You are here:   Features > The poor need the rich to always be with us

Self-sacrifice yields a resilient society: “A Pelican Feeding Her Young”, from a Franco-Belgian manuscript, c.1277 (Digital image courtesy of the Getty’s Open Content Program)

A  narrow emphasis on the short-run, personal and hedonistic benefits of economically liberal policies has impeded their uptake and is encouraging growing resistance worldwide. Corbynism is not an isolated phenomenon, but part of a global trend. Addressing this threat does not require new liberal economic theory, the underlying principles of which, though poorly applied, are well understood and known to be robust. What is needed is a change in the psychological framing and language of liberal economic policies.

Specifically, it is futile to deny that the wealth differentials produced by liberal markets are as a matter of fact disadvantageous to worse-off individuals, even in the presence of the rising incomes for all. The worse-off know this to be true, and are contemptuous of arguments to the contrary by liberal economists. The evolved human organism gathers resources to secure reproduction, and in that process it is genetically functional to resent and attempt to prevent competitors acquiring differential levels of available resources.

Bluntly, rich people secure the future of their families more effectively, and this is obvious to all of us. Given that reality, political effort should be concentrated on the equally valid but less manifest truth that individual lifetime wealth differentials and their very real disadvantages are more than offset by the long-run, extra-personal, benefits returned to an individual’s direct and collateral descendants through societies that are resilient to natural disaster and shock due to high aggregate, societal wealth.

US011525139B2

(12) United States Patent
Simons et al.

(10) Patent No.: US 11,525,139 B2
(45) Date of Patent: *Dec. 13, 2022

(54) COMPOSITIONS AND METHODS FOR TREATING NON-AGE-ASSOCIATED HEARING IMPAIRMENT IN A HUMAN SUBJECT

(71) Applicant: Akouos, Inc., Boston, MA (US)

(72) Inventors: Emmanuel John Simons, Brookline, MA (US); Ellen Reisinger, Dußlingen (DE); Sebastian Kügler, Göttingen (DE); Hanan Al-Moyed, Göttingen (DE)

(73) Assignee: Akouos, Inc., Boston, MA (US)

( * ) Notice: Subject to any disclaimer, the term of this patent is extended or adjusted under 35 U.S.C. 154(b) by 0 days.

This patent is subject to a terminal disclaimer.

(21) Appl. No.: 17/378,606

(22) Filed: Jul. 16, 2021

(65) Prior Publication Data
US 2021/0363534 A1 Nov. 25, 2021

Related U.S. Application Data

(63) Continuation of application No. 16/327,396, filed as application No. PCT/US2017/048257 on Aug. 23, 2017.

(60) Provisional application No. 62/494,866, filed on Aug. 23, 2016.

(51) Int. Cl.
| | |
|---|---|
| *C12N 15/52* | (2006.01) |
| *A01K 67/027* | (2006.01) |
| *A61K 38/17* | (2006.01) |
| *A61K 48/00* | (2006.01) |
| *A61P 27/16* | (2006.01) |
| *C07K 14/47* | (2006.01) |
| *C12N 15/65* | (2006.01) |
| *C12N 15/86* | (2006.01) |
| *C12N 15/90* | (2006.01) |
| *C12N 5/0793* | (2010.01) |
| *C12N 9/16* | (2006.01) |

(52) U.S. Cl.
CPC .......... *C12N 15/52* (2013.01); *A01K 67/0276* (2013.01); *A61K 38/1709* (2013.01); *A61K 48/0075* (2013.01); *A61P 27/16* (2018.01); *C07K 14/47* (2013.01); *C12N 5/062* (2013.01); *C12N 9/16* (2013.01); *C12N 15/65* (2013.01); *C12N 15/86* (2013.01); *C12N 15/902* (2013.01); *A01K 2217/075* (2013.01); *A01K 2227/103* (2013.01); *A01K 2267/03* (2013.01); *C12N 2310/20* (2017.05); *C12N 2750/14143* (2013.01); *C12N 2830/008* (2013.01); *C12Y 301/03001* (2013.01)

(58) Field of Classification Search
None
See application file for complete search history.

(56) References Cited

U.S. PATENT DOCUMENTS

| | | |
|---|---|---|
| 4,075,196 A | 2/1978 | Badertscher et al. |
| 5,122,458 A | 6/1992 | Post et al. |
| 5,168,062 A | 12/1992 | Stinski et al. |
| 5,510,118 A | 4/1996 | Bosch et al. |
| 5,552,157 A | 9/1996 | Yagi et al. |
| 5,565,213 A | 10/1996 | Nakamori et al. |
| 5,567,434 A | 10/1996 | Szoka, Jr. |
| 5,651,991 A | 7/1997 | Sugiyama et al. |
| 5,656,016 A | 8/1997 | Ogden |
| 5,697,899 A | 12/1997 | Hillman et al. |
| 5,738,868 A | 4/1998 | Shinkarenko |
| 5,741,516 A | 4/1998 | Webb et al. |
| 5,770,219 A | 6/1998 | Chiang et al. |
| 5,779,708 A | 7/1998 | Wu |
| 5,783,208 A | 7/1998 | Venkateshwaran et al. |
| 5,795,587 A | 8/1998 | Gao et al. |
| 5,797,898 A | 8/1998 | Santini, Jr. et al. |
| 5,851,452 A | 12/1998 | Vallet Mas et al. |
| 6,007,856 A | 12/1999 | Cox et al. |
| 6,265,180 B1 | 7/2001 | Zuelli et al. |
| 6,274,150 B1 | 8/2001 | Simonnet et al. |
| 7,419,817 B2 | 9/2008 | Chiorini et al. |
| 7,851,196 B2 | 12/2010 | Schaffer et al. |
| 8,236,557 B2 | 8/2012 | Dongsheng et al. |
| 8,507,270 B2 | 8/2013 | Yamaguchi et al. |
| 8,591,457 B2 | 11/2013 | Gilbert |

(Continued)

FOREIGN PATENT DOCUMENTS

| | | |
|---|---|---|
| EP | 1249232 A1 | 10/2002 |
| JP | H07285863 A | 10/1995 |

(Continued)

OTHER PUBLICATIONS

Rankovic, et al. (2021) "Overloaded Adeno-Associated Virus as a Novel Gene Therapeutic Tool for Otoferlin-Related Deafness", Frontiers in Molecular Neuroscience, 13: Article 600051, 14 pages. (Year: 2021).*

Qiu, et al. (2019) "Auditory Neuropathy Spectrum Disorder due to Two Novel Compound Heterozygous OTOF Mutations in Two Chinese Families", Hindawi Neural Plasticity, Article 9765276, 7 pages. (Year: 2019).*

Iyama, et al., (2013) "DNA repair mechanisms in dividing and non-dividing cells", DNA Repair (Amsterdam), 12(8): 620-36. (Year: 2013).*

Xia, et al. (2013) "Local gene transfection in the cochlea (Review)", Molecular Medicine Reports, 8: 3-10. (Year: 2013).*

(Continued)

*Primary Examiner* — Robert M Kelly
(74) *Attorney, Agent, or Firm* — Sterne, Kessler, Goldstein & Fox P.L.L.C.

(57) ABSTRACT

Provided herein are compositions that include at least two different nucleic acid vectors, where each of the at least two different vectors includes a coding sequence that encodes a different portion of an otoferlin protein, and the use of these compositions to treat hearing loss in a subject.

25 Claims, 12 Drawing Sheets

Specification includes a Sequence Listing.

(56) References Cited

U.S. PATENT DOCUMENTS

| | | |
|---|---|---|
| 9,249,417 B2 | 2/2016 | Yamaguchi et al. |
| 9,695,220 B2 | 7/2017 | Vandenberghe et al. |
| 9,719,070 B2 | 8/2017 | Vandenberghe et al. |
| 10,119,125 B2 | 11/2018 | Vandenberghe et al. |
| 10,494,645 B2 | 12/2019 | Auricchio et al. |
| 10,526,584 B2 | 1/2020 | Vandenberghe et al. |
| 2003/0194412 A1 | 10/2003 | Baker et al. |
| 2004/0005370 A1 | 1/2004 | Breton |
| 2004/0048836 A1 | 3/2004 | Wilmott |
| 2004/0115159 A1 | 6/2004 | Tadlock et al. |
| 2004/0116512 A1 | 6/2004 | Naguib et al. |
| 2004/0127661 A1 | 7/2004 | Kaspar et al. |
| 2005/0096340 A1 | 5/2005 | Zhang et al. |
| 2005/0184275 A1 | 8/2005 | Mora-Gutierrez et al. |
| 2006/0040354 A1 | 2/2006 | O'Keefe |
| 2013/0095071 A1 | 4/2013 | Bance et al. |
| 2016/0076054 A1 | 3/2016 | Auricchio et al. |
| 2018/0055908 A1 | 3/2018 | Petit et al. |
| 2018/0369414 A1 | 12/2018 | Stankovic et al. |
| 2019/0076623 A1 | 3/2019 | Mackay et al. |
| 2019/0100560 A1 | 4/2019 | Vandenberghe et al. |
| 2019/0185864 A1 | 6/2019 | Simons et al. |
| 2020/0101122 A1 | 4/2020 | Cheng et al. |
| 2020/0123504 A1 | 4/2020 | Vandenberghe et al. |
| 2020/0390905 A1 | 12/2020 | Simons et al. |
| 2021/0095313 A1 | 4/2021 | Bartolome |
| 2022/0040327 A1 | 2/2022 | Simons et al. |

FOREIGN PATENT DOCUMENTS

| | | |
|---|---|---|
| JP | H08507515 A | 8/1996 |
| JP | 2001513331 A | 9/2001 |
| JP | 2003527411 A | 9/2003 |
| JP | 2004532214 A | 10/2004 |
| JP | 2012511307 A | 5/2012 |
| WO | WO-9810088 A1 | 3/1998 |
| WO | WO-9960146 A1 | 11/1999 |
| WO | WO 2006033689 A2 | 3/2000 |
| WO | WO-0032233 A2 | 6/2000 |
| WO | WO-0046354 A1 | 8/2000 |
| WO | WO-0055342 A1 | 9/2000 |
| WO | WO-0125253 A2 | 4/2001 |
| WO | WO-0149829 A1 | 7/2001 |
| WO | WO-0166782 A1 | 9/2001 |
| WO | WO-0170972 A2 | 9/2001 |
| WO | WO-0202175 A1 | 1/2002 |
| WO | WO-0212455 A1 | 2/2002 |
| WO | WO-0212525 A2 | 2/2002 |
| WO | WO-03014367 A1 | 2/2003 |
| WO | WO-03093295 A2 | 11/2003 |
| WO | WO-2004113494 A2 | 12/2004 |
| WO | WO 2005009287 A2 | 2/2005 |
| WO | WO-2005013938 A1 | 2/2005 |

Advocates could show that this argument is sincere by recommending policies that facilitate the transfer of wealth between generations and within families, with a particular emphasis on those currently of lower net worth. In order to reconcile ourselves to short-run individual wealth differentials we must be allowed to build families with long term interests.

Resilience in the face of shock, the ability to recover promptly from natural disaster or to resist hostile forces, internal or external, is one of the defining hallmarks of successful societies. In its absence even generally high levels of personal income would be seen as having little value. However, this contrary case, of rich but weak societies, is purely theoretical, since systemic resilience is exhibited only by wealthy societies, that is to say by societies where the mean wealth per capita is high, the total aggregate wealth of all individuals is very substantial, and the wealth is not only maintained but steadily augmented even in the face of swiftly changing circumstances. All the resilient societies of which we know are rich and increasingly rich: all rich and increasingly rich societies are resilient.

However, we know empirically that this wealth need neither be evenly distributed across the population nor held in common, provided that the aggregate is available for use in the face of any threat to the system.

How, then, to obtain greater aggregate wealth? Since these riches are to be used for a common purpose, it is intuitively plausible to suppose that it should be the business of government to oversee this creation in the general interest. However, and naive intuition finds this supremely puzzling, the historical record suggests that collective strength is frequently and most successfully attained by economic systems that permit substantial differences of individual personal wealth to emerge as the result of the free creation and exchange of goods and services. Indeed, the best of these systems are not only permissive in this regard, but actively encourage and even provide legal protection for such differences.
View Full Article
Lawrence James
July 7th, 2018
5:07 PM
'Laws that restrain an individual's adventures' . . . eg the outlawing of the slave trade, the banning of the adulteration of food and legislation which insists upon safety in mines and factories. Victorian laws framed in the knowledge that adventurous capitalists could never be trusted.

Post your comment

This question is for testing whether you are a human visitor and to prevent automated spam submissions.